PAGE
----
A recent grant awarded to North Branch Area Schools allowed the district to hire a “near-peer” advisor, John Amboy, who throughout the past year shared insight about the college experience regarding post-secondary options with high school students. The hire was made possible through a grant from the Michigan College Access Network (MCAN), which averages to $10,000 per year of a three-year program that covered the cost of training and salary for Amboy. The grant was secured in large part through the efforts of North Branch High School councilors Natalee Rodriguez and Amy Hyrman. The district is one of only eight districts selected last year as an MCAN grant recipient.

White said her district has secured over $100,000 in grants over the past few years, funding everything from books to technology, from continuing programs to brand new ones. “We’ve gone for some big grants — you know, you have to dream big,” she said. “If you can put in the time and the elbow grease, why not?”

While last year’s MCAN grant was significant, often smaller, local grants have just as much impact on the lives of students. “There are things local that teachers can take advantage of,” said White.

One local source of grant funding is the Lapeer County Community Foundation (LCCF), which yearly provides funds to various proposals, including those originating from the county’s schools. Last year, the LCCF provided approximately $43,000 in funding to Lapeer County schools, either completely or partially funding projects related to STEM, robotics, books and technology. “We fund depending on the projects that come before us,” said LCCF Executive Director Nancy Boxey. “We really like to not just provide funds but partner with other groups to fund projects.” Boxey said that most recently, the LCCF, along with several other area groups, contributed funds to purchase a new softball scoreboard for Dryden Community Schools.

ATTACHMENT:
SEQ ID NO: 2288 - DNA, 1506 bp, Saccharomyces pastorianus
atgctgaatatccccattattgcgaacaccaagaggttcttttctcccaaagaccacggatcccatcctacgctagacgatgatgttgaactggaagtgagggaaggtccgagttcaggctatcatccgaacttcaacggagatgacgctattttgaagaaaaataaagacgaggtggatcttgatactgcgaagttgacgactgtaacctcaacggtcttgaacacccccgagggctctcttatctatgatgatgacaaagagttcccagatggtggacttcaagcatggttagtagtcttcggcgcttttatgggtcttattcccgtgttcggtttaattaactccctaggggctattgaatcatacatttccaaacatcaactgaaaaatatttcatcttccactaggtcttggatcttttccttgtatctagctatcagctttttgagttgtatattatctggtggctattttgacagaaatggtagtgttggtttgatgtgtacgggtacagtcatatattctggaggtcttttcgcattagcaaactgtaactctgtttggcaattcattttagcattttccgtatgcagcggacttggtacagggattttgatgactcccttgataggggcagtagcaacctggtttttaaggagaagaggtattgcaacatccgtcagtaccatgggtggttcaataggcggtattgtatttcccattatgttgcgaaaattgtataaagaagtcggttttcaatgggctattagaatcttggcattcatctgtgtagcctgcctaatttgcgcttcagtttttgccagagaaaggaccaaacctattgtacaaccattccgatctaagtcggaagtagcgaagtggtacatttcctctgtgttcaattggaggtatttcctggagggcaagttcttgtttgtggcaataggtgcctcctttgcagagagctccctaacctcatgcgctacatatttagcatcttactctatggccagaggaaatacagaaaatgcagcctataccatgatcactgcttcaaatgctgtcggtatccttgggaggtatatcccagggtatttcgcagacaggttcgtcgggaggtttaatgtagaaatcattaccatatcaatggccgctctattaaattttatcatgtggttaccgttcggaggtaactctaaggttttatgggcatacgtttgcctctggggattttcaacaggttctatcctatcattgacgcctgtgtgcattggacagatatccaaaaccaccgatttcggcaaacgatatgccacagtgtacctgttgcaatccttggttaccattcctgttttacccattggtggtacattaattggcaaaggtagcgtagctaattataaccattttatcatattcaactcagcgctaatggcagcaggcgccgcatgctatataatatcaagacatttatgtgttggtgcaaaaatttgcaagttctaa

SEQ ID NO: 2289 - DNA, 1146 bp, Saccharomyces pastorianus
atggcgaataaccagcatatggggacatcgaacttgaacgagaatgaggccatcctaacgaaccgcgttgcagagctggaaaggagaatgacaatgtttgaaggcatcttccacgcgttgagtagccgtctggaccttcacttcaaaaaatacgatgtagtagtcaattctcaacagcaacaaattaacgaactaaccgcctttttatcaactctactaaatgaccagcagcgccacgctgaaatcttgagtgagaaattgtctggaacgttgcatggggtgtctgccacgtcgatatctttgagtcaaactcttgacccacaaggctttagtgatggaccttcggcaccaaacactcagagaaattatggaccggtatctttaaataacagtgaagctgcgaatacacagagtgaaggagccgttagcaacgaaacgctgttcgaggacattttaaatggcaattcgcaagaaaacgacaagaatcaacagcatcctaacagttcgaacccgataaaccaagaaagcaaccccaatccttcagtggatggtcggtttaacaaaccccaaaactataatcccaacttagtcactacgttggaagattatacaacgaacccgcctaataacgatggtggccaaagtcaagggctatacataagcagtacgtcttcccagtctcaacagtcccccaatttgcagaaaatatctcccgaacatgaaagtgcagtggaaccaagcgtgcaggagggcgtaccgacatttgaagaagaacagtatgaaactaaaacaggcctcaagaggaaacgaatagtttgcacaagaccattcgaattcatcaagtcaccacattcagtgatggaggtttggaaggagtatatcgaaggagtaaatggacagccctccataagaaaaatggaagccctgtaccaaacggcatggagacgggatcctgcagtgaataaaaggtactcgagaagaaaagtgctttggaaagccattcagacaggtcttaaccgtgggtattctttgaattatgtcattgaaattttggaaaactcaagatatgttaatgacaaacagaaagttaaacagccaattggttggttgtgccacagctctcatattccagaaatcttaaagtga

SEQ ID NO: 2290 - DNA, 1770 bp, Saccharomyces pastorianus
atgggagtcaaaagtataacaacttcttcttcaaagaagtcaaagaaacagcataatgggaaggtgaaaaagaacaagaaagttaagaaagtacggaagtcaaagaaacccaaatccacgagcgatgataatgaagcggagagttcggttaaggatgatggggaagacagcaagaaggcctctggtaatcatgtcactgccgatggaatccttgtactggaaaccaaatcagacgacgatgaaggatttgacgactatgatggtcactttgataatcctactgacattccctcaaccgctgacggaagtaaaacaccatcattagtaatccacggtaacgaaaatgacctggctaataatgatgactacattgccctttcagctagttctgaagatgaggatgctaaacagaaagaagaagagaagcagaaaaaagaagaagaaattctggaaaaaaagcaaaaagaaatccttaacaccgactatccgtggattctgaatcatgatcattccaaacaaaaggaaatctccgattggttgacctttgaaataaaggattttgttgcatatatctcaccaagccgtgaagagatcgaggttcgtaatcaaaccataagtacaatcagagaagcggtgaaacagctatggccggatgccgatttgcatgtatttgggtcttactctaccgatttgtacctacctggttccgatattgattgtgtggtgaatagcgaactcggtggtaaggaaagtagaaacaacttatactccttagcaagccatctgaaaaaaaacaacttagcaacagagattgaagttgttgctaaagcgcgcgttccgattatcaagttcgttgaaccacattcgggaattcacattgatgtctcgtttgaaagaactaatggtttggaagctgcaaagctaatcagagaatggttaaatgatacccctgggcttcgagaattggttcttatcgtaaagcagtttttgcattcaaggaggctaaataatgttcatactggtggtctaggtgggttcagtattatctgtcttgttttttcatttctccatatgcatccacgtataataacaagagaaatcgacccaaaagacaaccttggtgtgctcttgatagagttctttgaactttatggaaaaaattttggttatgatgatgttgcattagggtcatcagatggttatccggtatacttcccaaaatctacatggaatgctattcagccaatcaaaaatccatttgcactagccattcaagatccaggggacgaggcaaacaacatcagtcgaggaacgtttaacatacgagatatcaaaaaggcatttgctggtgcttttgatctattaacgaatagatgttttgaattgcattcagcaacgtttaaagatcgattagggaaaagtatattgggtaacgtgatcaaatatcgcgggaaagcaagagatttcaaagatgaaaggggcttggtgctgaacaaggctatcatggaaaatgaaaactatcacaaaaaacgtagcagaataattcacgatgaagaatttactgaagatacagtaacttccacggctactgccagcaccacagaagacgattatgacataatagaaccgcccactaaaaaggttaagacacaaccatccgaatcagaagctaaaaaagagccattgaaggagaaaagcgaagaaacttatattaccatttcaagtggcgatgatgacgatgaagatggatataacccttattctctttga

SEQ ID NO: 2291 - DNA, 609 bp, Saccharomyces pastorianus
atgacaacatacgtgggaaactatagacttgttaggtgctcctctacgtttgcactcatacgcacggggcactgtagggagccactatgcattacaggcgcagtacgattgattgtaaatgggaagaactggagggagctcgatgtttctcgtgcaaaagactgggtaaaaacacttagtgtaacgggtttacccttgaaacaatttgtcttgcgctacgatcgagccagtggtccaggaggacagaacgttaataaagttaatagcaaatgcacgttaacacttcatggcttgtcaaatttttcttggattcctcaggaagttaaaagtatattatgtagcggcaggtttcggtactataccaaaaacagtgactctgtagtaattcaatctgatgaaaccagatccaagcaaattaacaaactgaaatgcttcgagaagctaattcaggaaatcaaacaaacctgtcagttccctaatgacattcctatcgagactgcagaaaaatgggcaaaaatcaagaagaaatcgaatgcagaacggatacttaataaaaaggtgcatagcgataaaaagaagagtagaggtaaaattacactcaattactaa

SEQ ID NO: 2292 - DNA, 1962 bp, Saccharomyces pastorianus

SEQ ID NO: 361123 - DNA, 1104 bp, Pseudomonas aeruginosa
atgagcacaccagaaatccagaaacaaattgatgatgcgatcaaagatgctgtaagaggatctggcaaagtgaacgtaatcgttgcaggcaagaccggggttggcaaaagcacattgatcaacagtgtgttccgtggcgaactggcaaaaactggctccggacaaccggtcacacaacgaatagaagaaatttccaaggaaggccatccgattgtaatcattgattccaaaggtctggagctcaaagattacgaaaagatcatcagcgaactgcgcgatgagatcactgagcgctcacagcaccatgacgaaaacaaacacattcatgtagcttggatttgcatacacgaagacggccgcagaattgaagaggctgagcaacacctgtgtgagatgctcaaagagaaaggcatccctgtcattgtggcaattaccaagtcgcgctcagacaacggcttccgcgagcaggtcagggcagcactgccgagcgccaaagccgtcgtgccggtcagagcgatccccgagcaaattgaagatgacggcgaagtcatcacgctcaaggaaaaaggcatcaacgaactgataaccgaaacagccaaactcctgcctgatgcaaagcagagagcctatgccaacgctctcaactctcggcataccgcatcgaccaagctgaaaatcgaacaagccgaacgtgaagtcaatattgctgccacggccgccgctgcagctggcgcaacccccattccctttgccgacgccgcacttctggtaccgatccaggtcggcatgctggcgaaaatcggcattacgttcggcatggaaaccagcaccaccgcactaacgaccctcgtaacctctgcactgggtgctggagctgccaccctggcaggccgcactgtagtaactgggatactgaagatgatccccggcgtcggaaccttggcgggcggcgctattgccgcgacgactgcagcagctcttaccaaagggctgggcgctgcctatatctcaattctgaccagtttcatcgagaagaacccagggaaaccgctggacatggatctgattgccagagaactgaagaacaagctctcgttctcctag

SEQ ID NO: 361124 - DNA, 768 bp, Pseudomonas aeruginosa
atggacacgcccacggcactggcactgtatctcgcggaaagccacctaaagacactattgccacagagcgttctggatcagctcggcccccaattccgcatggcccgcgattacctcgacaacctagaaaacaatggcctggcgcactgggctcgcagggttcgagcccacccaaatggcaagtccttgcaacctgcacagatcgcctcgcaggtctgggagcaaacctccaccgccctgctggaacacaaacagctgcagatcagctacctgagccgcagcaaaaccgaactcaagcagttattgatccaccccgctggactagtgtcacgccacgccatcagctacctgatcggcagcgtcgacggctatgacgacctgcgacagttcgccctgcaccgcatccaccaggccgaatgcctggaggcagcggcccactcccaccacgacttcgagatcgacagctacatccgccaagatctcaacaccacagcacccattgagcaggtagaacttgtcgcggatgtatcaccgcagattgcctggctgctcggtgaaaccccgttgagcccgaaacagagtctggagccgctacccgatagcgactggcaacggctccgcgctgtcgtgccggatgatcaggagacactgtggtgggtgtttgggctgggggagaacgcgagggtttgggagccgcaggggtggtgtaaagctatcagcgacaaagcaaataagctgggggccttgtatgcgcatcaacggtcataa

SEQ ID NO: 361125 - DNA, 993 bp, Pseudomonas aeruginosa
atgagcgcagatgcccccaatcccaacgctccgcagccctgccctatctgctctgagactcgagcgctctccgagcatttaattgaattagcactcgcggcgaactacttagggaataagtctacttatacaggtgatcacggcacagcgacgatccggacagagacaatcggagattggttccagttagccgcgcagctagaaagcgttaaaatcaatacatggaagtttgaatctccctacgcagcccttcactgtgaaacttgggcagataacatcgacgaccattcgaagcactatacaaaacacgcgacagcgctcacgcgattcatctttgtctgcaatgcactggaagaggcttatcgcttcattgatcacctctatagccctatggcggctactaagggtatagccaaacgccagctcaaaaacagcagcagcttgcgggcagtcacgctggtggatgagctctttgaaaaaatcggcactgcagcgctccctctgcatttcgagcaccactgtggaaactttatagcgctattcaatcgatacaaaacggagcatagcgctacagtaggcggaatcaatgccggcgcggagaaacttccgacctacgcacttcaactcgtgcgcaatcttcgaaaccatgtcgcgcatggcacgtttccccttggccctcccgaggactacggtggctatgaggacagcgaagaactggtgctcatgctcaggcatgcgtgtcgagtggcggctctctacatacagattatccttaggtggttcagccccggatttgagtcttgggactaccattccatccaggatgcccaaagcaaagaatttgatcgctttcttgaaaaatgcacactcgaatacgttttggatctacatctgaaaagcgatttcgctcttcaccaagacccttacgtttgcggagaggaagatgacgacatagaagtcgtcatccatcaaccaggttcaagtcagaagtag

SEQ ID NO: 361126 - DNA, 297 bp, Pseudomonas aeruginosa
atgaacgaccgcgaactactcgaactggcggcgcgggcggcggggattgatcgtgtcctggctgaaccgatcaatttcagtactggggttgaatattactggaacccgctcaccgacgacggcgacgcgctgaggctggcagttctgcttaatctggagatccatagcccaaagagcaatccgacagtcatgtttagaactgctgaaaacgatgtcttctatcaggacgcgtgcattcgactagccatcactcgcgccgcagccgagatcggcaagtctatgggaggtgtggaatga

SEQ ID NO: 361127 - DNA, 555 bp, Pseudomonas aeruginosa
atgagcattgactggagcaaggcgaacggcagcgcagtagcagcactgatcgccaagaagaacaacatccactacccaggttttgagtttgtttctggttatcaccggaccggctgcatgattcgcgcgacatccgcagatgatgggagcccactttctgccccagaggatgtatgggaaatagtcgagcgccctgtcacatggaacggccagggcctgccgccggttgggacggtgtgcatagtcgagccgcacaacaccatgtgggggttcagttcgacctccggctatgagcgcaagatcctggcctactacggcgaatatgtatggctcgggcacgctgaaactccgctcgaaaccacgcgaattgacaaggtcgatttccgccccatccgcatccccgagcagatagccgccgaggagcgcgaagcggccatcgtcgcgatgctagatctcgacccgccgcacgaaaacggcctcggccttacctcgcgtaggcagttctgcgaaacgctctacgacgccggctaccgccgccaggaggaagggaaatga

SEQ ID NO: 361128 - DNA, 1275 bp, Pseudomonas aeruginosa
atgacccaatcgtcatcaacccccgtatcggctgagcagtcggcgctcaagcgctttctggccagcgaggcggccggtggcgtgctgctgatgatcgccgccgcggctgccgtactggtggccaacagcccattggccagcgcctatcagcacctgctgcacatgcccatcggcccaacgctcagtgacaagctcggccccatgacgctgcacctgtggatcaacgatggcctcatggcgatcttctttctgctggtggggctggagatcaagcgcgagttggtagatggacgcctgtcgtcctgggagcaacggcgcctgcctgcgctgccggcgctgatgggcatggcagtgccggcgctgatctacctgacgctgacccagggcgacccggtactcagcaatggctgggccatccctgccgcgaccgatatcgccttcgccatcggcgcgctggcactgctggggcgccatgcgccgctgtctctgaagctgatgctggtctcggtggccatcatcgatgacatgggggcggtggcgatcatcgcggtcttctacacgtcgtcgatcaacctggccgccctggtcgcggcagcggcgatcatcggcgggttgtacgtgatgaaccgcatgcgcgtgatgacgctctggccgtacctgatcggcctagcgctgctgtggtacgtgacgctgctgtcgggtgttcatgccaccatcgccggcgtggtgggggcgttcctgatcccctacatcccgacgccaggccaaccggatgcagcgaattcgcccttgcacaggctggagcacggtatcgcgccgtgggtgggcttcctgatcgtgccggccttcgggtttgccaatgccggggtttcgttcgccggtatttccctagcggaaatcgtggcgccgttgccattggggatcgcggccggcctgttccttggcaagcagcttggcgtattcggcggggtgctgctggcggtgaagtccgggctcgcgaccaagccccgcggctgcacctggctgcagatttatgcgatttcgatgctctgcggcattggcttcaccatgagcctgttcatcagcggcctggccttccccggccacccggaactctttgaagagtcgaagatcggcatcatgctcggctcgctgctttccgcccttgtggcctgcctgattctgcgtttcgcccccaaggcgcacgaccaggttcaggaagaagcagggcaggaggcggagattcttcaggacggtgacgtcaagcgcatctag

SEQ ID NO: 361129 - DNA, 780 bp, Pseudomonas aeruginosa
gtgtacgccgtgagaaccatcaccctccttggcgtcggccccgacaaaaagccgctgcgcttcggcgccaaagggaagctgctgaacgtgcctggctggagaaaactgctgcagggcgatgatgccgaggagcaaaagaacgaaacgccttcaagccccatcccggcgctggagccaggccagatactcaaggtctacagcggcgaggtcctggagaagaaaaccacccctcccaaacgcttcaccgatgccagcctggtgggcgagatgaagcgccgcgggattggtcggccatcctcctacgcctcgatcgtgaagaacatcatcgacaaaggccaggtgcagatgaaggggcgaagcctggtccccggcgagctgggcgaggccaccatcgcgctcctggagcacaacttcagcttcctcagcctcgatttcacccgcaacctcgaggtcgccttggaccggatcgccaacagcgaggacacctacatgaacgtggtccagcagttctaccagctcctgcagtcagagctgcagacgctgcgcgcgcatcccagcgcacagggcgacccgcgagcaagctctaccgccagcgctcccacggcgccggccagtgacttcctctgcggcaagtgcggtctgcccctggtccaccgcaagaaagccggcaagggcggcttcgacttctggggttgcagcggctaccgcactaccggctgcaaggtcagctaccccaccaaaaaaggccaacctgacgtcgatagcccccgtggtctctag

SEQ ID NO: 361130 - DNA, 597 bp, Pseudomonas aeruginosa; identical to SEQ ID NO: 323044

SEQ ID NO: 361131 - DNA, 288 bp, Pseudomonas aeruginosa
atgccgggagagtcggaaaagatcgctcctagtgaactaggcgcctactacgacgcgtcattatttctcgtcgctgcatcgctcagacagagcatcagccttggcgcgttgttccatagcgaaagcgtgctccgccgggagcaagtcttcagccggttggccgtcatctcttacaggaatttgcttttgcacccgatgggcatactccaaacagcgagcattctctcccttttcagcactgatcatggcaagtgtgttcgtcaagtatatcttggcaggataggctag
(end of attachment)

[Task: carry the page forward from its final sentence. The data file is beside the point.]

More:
Each grant proposal is considered individually by LCCF’s Board, said Boxey, and funding is determined by a variety of metrics, including need, number of people affected, and whether the subset of students represents an underserved portion of the community. “They’re very thoughtful, and the biggest thing they ask is ‘does this (proposal) make sense? What’s it going to take to make this happen?” said Boxey.